Ali Hamid is the 25-year-old owner of a small supermarket serving the hostel community. Only the day before the 29 August violence he was complaining that he was losing business as suppliers had refused to continue bread deliveries to him.

“In May a Sasko bakery truck was robbed right here at the entrance to my shop,” Hamid said. “We called a community meeting regarding the crimes we are experiencing here. We gave the community more than 100 soft drinks and bread for free for protection from the thugs in return.

“But nothing has changed. We are still victims of crime. Now Sasko and Sunbake are scared to deliver bread and I am losing business.”

Within 24 hours Hamid’s supermarket, opposite the Ekuthuleni hall, was gutted and Hamid and the rest of the other immigrant-owned businesses around the hostel had piled into their bakkies and fled for their lives, escorted out of Soweto by police. Today Hamid is recovering from his loss in the more immigrant-friendly suburb of Mayfair, close to the Johannesburg city centre.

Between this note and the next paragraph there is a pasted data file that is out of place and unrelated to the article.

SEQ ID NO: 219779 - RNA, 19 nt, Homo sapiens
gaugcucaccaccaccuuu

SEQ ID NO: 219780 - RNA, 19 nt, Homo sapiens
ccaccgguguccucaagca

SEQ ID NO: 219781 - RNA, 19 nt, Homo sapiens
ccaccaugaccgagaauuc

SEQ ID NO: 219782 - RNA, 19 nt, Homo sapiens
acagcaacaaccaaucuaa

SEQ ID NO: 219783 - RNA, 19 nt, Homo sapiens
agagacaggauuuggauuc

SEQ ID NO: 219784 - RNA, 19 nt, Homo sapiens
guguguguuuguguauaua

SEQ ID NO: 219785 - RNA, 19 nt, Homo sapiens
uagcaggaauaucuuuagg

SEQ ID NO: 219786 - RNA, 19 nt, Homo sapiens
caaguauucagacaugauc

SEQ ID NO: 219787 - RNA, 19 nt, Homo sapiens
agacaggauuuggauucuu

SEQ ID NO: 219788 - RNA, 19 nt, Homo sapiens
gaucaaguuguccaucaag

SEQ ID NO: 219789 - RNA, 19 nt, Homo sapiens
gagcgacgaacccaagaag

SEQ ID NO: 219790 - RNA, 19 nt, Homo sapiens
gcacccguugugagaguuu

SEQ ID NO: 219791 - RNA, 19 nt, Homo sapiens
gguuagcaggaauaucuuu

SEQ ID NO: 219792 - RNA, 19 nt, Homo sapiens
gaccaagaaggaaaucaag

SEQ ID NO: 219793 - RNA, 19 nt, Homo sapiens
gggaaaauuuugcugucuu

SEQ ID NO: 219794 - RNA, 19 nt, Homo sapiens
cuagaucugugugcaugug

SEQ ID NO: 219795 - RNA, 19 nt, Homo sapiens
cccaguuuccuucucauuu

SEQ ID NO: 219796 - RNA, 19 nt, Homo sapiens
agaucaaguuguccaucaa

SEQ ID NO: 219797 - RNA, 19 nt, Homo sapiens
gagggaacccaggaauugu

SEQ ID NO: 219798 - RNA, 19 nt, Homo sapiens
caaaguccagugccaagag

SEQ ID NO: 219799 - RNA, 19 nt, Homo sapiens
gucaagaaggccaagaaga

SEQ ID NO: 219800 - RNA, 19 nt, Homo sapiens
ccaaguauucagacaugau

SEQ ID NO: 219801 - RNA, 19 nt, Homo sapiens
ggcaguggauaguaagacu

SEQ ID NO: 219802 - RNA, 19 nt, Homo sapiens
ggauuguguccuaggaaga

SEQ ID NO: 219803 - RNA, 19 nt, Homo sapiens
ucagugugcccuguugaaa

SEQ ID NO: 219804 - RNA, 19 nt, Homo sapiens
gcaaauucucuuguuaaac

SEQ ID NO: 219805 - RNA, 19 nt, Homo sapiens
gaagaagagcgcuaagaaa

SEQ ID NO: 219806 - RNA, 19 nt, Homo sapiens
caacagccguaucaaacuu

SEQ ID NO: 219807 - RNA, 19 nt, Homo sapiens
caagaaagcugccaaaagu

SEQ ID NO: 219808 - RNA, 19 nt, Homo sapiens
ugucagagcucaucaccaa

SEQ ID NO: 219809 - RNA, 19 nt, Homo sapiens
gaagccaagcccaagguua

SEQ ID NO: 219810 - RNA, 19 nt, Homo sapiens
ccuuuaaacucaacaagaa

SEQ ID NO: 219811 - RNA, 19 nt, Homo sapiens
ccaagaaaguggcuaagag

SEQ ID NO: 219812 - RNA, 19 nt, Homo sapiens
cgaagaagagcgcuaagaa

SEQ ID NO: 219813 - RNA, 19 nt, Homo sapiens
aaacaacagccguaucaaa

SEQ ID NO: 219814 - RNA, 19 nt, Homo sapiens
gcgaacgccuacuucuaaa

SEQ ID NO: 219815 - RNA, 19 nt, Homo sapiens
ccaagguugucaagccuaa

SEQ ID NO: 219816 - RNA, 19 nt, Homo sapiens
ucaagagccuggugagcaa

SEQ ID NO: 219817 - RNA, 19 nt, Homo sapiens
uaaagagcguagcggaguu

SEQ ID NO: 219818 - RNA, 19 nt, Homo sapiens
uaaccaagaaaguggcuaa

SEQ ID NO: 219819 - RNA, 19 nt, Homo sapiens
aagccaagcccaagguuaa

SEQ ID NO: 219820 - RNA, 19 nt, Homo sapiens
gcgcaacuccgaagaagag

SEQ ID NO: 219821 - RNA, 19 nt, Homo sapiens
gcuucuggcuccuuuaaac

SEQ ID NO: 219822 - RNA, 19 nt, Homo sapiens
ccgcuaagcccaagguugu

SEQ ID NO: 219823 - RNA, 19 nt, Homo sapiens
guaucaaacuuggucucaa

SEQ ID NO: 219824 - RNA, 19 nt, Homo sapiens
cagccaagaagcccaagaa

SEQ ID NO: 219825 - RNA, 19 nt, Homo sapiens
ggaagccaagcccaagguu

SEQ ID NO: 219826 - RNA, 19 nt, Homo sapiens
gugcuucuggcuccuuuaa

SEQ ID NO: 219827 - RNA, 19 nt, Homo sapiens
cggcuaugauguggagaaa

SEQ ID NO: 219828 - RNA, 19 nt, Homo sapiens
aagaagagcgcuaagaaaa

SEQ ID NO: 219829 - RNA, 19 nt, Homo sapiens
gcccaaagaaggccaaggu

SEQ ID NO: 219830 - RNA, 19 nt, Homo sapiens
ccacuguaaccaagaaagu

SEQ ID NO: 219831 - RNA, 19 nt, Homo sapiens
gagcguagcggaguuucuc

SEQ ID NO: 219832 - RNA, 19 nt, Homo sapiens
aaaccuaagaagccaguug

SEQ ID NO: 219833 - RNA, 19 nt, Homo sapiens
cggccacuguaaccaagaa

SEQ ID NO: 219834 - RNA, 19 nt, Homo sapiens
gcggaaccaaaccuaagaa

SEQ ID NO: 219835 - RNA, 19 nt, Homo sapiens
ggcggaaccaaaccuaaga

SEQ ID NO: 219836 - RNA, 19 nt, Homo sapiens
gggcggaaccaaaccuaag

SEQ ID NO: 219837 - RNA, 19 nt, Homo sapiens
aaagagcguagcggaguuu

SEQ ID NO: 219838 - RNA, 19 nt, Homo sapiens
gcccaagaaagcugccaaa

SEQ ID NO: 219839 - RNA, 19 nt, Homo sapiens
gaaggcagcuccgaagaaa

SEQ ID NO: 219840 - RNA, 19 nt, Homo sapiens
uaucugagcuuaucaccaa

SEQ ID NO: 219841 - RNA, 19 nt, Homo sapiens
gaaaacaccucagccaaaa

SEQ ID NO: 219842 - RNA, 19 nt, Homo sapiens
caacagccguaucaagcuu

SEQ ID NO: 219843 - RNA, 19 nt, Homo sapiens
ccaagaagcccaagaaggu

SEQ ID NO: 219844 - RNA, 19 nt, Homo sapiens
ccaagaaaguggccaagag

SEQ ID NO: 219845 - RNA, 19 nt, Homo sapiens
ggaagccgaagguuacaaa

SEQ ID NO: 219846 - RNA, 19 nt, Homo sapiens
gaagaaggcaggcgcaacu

Even before 29 August, residents in Meadowlands Zone 11 lived on the edge, frequently mugged at knifepoint for cash and phones. Mondli Zondo, aged 38 and a South African citizen from KwaZulu Natal who lives in Orlando West, was mugged at gunpoint by two men one night after getting off a taxi from Johannesburg. “They took my new Samsung J23 smartphone and ran away,” says Zondo.

“I didn’t go to the police and open a case. I went to a sangoma and now the izigelekeqe [thugs] will pay for what they did. When the sangoma’s magic starts working they will come back to me and beg for forgiveness.”